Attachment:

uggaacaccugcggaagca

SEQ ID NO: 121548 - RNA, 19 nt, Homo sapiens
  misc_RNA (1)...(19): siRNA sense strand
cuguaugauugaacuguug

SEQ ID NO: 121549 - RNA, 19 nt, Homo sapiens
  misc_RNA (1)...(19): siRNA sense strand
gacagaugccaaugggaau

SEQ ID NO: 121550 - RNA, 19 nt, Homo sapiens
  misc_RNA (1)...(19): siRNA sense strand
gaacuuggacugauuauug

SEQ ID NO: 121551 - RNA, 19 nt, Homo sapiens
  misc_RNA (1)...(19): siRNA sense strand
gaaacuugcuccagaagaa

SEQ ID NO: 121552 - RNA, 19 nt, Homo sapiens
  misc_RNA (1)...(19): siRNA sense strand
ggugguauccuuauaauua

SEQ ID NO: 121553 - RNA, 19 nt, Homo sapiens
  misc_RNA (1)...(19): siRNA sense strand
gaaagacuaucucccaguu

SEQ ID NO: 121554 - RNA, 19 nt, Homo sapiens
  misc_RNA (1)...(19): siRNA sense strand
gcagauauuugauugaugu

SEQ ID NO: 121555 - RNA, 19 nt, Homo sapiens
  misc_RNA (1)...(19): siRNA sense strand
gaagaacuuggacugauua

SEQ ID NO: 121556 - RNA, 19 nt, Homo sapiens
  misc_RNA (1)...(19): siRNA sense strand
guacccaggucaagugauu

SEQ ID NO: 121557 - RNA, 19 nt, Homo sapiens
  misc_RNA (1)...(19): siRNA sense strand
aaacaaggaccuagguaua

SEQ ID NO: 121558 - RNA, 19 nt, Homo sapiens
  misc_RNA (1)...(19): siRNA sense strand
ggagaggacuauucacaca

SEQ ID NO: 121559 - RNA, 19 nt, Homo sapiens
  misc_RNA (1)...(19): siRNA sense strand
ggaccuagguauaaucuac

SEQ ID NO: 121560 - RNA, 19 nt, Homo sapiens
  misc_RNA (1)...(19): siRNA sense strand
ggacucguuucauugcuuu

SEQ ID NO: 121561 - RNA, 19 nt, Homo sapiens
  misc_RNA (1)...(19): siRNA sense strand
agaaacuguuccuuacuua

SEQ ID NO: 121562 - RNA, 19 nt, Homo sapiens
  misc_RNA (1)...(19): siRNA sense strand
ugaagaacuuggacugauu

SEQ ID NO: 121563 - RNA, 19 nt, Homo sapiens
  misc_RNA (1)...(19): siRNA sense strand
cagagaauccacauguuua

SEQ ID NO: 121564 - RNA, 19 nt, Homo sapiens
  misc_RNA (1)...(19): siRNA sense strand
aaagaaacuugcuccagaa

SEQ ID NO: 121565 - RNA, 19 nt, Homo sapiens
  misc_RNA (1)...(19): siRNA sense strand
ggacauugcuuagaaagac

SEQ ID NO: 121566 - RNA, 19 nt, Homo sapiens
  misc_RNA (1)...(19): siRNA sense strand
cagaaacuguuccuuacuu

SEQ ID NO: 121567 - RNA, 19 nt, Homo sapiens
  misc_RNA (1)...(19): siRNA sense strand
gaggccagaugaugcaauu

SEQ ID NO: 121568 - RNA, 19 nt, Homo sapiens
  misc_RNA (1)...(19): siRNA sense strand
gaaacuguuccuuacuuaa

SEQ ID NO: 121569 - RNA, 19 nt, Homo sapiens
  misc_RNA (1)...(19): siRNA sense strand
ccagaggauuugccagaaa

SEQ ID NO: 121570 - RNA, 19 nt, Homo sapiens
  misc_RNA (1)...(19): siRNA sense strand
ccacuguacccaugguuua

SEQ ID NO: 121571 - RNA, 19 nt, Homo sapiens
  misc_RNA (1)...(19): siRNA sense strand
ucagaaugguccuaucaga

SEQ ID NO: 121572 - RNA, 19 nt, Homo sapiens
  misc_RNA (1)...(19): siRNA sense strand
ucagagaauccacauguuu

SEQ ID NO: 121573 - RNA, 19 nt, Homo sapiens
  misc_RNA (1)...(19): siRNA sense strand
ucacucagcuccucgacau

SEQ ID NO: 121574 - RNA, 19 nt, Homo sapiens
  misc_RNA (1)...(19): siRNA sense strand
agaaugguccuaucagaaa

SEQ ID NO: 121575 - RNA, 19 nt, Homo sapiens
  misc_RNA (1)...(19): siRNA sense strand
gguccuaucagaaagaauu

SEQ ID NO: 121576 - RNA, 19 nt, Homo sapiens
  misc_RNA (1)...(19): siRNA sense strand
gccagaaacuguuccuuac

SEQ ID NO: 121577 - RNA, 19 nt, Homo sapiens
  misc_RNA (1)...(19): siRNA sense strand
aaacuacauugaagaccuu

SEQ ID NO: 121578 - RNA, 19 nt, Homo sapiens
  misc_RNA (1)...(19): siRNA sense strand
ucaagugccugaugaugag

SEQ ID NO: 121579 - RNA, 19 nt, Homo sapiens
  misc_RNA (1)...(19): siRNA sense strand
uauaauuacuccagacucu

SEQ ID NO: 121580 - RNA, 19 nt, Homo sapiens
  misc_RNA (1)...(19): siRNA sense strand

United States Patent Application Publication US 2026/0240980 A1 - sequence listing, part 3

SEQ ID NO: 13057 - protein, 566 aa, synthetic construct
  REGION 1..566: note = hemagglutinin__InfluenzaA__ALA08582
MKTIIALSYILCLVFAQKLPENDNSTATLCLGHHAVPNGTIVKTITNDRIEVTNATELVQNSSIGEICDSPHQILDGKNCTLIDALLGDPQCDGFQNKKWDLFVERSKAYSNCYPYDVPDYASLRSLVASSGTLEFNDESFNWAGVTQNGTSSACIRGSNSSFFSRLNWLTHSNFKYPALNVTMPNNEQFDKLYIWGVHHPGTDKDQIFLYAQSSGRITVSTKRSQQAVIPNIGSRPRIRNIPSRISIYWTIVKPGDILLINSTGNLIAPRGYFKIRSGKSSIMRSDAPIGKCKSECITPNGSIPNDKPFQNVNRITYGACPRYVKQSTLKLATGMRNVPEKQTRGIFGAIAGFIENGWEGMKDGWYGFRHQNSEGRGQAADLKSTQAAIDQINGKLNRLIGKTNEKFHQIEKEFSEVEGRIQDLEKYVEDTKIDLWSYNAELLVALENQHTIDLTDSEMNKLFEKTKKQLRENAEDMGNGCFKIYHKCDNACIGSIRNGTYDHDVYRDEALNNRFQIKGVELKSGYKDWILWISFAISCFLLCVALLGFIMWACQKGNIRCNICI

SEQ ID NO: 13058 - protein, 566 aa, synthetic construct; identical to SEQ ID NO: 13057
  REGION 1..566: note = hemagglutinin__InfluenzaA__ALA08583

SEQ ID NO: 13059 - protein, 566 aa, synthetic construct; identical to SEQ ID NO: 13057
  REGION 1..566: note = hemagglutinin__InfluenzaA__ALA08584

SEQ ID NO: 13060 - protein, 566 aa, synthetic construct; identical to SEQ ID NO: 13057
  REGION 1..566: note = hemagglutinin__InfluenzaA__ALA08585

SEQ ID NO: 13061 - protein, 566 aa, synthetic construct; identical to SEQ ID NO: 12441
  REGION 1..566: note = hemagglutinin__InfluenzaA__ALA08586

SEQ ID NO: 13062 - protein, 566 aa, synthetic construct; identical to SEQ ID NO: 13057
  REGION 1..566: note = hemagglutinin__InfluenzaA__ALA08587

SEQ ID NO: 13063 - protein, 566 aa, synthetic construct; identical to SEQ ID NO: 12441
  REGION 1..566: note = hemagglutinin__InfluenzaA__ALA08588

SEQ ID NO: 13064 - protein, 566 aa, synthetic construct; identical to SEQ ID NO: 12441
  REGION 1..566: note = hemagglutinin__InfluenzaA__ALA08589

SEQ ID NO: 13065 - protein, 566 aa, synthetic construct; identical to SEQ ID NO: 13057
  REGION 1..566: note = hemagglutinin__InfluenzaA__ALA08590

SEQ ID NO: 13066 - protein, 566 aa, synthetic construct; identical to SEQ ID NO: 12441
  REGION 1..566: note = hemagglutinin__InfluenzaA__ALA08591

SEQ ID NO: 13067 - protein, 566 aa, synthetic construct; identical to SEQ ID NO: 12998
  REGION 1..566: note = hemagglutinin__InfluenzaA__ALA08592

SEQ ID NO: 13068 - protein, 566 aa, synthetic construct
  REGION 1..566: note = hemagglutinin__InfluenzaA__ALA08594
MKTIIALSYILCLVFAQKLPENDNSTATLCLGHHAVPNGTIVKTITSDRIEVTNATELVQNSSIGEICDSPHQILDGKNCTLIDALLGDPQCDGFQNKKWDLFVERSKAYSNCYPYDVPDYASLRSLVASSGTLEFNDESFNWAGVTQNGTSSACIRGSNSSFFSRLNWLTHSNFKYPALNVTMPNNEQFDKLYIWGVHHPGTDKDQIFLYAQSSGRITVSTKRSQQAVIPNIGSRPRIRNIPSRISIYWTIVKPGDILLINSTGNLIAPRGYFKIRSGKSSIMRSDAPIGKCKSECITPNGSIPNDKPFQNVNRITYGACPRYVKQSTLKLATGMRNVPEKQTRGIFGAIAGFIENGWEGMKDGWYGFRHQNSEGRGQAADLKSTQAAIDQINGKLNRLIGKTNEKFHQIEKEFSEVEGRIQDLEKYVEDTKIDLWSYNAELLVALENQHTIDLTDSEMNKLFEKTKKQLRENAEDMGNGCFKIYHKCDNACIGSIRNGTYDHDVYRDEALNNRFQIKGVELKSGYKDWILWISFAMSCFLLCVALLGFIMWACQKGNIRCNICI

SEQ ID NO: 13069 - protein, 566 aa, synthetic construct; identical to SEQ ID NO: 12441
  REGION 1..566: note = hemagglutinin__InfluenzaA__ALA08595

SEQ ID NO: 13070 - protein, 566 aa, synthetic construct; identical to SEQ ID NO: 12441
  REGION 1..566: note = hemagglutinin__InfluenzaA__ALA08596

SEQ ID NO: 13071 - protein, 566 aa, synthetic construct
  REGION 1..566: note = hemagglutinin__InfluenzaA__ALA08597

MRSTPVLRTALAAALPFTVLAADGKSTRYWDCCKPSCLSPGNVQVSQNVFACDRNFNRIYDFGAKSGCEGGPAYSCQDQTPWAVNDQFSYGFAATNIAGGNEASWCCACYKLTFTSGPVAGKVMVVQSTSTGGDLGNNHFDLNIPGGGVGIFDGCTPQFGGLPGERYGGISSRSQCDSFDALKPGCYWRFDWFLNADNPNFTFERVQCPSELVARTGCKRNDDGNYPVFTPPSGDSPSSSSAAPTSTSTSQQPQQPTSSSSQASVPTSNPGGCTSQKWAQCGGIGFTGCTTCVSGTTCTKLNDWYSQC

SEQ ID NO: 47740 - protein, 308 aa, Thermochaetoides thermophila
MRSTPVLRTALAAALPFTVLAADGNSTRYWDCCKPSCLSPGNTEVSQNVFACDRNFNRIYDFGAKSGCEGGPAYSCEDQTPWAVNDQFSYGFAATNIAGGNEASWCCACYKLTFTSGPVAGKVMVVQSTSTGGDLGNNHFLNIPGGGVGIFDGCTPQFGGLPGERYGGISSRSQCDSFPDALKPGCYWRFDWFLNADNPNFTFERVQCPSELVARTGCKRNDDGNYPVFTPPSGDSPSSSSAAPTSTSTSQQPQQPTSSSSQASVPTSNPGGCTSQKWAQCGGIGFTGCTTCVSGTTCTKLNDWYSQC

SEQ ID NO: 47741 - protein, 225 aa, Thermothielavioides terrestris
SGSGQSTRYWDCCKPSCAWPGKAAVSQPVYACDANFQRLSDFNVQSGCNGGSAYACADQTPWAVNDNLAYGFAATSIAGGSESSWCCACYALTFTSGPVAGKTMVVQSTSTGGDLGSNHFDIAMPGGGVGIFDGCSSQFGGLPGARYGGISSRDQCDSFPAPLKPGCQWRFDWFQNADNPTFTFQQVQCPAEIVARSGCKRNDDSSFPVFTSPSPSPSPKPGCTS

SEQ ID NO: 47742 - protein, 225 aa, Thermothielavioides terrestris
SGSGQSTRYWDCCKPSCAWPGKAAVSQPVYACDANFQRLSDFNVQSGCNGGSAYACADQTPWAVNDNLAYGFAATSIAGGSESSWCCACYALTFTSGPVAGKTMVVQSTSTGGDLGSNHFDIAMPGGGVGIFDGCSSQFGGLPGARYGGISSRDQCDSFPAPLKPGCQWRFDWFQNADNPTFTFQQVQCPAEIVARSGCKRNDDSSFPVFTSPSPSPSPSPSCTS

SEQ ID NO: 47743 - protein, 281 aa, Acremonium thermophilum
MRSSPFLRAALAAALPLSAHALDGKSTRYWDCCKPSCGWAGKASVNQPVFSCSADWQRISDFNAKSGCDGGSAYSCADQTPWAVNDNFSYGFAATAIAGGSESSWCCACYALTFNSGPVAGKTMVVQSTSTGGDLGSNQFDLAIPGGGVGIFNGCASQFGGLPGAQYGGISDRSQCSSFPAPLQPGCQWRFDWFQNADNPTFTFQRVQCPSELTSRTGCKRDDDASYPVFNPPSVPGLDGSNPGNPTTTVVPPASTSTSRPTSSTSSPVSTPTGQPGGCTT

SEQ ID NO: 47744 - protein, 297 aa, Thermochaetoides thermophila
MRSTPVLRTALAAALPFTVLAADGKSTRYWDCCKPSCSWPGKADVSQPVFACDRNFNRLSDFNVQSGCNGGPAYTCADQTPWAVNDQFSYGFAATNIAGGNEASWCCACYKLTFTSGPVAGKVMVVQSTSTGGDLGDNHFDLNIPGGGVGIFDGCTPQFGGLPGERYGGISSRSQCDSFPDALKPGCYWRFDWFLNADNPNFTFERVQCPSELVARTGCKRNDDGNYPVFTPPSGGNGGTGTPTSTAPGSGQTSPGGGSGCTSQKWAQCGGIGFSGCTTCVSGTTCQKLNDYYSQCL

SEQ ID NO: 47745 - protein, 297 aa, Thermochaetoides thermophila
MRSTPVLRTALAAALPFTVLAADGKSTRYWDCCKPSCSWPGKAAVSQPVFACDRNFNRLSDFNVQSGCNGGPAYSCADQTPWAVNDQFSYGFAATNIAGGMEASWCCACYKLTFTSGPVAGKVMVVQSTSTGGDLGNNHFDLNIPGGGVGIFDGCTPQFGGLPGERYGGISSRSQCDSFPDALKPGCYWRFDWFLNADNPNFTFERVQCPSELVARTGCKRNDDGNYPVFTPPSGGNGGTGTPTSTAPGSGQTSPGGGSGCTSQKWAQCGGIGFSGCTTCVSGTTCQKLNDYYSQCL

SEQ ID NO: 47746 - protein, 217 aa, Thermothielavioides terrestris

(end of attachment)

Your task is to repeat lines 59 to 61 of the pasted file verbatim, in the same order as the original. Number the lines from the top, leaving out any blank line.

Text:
SEQ ID NO: 121567 - RNA, 19 nt, Homo sapiens
  misc_RNA (1)...(19): siRNA sense strand
gaggccagaugaugcaauu